It can be a tough decision to decide between the birthing options available to women today, and as a woman who has done both, I am here to offer yet another opinion. With my first daughter I wanted to be able to bring her into the world in the old-fashioned way. In fact, I wanted to do it sans drugs, as well. You would be surprised at the resistance that that garnered at the hospital. I had nurse after nurse ask me about it, and assure me that I “wouldn’t be able to do it” without drugs.
As I was taking myself through contractions, I wondered about what that meant. Were they saying I was going to die without the drugs? Weird. Either way, with the pressure from the staff, the anxious concern of my husband, and the insane pain, I eventually succumbed into accepting the epidural.
To backtrack a bit, I should tell you that my doctor wanted me to have a C-section. He was convinced that my baby was too big, and that based on my size (I am not a tiny person, but I now realize that was not what he was talking about!) I would not be able to deliver her safely vaginally. I, however, had my own ideas. I’d just read a magazine article that said that doctors all over the U.S. were pushing women into unnecessary c-sections to pad their bottom line. Add that to the fact that I was determined to experience the “real” birthing experience, and I was firm in my decision.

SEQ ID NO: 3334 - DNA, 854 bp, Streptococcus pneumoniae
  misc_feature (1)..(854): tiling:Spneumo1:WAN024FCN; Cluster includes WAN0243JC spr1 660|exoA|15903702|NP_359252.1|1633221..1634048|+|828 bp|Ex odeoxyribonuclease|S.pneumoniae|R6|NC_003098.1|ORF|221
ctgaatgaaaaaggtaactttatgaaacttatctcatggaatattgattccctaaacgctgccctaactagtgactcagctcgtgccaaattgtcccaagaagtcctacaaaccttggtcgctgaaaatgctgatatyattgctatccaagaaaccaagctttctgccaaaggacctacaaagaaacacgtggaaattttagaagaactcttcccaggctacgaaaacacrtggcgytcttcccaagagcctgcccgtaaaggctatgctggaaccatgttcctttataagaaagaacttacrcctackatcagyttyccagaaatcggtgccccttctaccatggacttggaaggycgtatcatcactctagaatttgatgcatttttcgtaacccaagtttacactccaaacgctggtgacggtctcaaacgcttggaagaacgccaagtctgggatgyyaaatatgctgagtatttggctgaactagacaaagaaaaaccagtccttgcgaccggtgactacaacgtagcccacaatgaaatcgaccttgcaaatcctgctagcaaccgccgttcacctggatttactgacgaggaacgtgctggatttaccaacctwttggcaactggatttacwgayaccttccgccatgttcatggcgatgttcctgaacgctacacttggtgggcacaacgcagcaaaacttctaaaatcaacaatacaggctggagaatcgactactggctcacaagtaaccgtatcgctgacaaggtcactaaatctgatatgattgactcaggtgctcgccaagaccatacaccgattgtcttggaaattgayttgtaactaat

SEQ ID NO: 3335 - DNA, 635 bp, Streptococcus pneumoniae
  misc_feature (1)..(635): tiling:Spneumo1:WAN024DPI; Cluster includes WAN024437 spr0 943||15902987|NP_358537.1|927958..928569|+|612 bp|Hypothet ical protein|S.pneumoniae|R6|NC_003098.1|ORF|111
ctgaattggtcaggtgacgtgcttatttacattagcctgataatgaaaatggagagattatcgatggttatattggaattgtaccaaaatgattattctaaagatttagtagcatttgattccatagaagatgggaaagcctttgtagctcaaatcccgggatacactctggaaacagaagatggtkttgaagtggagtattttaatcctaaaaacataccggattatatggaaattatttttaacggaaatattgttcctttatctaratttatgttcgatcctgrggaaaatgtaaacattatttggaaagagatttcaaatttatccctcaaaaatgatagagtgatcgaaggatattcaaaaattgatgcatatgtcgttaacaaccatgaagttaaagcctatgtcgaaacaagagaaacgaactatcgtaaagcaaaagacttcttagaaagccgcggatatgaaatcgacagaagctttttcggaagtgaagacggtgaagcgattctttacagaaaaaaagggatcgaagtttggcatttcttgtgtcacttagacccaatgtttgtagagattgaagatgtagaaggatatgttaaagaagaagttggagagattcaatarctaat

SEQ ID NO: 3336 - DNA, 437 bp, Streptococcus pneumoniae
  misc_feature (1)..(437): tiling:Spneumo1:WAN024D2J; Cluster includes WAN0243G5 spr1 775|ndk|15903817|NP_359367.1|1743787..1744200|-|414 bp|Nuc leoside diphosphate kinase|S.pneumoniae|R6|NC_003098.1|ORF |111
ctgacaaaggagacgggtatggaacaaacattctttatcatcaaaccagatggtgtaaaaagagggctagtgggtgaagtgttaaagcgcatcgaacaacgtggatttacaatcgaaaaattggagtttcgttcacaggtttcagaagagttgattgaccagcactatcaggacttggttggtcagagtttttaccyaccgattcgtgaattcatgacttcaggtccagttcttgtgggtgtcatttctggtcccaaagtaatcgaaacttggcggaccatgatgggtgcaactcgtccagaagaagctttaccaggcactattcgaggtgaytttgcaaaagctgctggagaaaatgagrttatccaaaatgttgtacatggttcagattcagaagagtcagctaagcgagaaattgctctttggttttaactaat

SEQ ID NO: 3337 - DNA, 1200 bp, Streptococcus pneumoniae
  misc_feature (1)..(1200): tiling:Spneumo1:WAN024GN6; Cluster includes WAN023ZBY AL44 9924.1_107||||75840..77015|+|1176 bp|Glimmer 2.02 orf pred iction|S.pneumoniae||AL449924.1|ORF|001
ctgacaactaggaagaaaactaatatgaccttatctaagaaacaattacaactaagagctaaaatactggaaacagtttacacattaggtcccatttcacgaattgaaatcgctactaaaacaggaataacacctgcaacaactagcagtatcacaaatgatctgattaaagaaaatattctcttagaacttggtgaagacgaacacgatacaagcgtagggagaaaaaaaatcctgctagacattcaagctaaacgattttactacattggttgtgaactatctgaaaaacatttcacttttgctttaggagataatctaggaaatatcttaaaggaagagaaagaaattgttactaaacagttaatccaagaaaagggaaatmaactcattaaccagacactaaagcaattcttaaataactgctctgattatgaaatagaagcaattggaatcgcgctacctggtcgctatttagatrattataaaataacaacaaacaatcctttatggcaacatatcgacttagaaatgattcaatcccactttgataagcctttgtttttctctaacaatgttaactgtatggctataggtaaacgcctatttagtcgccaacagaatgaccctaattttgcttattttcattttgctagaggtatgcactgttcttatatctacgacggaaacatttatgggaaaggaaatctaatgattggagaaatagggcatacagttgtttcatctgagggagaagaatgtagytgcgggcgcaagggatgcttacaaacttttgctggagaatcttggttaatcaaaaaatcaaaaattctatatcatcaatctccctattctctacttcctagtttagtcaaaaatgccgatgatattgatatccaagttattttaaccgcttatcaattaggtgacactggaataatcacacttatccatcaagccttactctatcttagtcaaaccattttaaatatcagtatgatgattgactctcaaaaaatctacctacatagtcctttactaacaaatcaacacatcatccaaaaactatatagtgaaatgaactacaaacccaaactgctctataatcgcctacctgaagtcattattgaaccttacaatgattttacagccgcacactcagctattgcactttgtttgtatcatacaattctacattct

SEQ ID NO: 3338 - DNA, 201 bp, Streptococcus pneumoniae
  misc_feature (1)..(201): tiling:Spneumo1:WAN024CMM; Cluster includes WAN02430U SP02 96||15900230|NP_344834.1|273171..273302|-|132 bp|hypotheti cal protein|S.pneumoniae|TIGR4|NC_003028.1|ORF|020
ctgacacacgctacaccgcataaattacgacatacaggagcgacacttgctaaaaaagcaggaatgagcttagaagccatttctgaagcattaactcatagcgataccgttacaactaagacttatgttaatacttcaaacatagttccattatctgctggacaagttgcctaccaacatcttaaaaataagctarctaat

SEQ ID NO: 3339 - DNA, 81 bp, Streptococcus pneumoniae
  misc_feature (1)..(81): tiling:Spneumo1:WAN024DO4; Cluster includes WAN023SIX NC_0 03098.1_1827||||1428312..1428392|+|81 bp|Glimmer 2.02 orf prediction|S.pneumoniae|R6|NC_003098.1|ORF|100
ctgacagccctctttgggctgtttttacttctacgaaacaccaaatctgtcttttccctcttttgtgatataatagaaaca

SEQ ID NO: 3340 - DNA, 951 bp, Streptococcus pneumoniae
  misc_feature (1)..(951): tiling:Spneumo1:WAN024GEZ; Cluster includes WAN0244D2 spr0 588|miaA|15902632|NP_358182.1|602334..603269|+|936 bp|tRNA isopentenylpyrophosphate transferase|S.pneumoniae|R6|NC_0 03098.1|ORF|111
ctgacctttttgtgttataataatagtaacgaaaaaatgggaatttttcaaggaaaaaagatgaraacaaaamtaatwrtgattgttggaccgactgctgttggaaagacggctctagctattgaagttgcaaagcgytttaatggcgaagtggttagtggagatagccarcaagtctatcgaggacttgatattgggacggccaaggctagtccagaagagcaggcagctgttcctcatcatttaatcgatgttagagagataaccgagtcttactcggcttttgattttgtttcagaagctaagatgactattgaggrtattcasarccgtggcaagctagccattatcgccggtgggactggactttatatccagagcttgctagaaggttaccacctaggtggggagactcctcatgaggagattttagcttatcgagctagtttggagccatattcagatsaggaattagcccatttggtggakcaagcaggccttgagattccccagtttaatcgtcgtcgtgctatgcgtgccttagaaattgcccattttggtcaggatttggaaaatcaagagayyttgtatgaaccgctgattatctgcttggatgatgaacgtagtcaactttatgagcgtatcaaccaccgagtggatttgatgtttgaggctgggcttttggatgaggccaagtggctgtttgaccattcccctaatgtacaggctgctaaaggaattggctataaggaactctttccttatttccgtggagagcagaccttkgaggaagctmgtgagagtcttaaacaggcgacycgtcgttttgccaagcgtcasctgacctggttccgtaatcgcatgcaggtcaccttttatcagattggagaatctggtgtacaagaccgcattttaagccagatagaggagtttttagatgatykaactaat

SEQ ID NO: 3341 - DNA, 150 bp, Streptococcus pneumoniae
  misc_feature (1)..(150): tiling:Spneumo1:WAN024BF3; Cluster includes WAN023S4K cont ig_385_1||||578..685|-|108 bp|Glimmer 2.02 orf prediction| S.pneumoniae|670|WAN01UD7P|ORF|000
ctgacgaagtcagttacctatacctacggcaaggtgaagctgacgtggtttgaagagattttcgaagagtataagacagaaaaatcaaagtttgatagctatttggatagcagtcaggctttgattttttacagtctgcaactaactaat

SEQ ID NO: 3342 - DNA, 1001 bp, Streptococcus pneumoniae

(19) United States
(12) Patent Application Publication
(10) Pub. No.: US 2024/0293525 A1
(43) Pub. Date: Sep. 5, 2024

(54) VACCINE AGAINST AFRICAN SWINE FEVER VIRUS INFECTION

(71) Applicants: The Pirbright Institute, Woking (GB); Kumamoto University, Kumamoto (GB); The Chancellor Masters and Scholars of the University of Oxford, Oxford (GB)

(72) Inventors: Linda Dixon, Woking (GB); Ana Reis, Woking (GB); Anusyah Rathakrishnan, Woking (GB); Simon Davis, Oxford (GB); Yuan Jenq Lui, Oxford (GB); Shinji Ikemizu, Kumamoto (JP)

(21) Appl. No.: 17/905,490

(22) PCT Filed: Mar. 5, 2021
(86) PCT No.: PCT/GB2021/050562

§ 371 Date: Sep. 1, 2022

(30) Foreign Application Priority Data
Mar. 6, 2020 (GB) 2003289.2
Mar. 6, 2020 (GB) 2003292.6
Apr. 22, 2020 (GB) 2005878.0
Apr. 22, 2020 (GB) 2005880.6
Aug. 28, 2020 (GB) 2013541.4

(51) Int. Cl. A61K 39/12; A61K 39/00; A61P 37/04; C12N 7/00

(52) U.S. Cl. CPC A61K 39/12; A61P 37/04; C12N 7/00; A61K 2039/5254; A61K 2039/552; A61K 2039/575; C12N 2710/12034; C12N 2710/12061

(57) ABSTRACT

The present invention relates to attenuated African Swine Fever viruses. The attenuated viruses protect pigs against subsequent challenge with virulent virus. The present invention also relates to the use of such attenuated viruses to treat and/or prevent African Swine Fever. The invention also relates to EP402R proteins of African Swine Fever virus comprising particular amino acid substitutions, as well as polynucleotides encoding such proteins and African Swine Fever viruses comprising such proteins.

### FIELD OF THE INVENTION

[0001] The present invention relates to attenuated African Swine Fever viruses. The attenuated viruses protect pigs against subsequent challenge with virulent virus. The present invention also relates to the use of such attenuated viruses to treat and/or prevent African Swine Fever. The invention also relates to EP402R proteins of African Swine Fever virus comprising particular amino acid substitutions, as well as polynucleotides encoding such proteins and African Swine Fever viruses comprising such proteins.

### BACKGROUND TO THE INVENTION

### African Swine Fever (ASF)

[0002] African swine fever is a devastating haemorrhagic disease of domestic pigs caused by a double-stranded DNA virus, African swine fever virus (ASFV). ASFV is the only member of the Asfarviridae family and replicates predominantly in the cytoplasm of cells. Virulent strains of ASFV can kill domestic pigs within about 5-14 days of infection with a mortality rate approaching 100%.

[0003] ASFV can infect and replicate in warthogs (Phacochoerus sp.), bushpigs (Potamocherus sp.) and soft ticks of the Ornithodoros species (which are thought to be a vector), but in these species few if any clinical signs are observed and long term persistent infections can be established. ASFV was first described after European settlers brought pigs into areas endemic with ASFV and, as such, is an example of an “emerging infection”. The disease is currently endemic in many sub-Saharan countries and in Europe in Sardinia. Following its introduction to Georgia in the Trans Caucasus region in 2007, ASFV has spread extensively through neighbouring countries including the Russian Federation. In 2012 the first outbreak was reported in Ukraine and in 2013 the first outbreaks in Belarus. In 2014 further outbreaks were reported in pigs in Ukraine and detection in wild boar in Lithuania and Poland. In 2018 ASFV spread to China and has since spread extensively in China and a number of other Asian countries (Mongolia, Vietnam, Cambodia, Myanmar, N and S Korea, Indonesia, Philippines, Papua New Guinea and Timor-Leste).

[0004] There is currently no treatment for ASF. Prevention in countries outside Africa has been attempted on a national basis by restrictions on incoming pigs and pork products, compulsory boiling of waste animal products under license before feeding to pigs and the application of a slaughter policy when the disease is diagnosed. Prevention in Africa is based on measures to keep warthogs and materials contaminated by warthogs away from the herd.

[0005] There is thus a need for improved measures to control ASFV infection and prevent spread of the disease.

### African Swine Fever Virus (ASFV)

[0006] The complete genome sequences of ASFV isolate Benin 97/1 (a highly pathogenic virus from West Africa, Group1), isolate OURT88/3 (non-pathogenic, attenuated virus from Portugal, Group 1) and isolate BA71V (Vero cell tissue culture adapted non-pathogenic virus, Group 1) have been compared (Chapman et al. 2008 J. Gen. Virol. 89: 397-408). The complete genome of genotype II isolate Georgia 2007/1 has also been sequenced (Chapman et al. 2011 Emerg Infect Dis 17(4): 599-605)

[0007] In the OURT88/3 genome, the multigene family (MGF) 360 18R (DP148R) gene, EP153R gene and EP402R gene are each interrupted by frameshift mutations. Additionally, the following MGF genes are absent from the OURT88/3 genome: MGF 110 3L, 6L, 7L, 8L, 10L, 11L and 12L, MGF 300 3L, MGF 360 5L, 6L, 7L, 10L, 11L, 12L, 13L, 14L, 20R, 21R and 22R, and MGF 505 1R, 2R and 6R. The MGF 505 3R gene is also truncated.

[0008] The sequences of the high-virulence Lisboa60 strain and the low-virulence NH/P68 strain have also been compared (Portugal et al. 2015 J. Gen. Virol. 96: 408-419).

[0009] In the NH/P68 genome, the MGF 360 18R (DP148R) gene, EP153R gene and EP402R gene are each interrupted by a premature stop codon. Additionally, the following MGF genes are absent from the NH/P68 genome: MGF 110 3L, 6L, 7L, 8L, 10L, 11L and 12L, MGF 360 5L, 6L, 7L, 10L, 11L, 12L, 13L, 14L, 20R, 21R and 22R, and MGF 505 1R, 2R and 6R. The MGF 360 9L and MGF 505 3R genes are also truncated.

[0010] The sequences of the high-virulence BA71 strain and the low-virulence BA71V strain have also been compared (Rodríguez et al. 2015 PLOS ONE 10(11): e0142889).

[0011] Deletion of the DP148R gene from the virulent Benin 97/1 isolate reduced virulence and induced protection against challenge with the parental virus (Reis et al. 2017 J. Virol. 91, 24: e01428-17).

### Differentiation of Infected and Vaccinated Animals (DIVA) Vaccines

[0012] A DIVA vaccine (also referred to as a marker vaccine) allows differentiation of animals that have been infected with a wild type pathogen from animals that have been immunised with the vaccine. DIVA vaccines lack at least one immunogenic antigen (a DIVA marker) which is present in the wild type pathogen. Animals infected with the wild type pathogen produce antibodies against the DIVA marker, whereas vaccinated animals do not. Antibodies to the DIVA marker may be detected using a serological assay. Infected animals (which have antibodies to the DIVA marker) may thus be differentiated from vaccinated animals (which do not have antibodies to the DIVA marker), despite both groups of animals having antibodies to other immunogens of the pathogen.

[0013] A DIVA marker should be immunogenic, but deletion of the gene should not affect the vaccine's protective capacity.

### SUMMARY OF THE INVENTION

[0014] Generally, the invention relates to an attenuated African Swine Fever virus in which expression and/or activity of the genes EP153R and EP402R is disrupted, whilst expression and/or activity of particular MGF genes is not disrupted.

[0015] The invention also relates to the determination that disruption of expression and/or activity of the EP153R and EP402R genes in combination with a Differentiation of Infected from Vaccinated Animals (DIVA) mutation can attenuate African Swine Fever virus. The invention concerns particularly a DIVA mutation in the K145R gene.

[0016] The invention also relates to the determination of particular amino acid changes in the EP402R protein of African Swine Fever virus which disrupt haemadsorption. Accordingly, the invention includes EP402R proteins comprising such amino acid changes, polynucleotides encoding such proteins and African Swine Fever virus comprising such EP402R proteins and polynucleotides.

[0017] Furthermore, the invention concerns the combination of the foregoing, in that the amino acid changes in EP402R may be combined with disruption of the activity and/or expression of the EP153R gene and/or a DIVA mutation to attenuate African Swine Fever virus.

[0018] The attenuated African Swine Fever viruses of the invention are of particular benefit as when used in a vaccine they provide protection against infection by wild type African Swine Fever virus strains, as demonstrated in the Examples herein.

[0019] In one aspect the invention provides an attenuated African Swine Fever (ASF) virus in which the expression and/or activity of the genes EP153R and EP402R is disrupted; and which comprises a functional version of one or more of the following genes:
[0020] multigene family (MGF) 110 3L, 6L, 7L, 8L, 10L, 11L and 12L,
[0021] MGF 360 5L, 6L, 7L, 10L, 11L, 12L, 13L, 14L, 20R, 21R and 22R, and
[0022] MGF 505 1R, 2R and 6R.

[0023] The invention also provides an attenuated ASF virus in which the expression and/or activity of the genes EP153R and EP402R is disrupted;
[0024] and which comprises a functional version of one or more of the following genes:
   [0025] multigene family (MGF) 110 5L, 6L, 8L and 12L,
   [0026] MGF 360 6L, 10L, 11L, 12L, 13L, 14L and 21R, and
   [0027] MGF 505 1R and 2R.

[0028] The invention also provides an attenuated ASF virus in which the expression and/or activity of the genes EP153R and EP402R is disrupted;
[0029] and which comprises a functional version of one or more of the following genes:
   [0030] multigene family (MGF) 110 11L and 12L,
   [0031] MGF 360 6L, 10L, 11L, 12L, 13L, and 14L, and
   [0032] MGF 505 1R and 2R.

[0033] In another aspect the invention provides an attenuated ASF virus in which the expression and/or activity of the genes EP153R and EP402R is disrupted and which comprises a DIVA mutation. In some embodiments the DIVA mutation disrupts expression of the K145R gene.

We induced labor two days after my due date. My doctor was actually supposed to be on vacation, but he came in to break my water before he left. It took many, many hours of waiting—sixteen hours of labor, two of pushing. Afterward, I had God knows how many stitches (the doctor said he had lost count because there were so many) and a pronouncement from a too-helpful nurse who told me that I would never be able to deliver vaginally again.
Indeed, we planned a C-section with my second daughter to avoid the difficult labor I’d had the first time. The second time was completely different. I went in at a set time, got my epidural and listened to my doctor and nurses talking behind a blue sheet they had in place. I was calm, relaxed, and waited, pain-free, to meet my little girl. I was taken back at 7:00, and she was born at 7:49. How’s that for service?
After having been through both, I have to admit that I prefer the C-section. I was scared of them initially because of the things I’d read and been told, but truthfully I had to suffer through an unusually long recovery from my first birth because of my naivety. I found the pain more manageable after my C-section, though I did have to have help for the first week afterward.
Whatever your doctor suggests, make sure you do research, and focus on the facts more than people’s opinions. After all, everyone’s experience is different!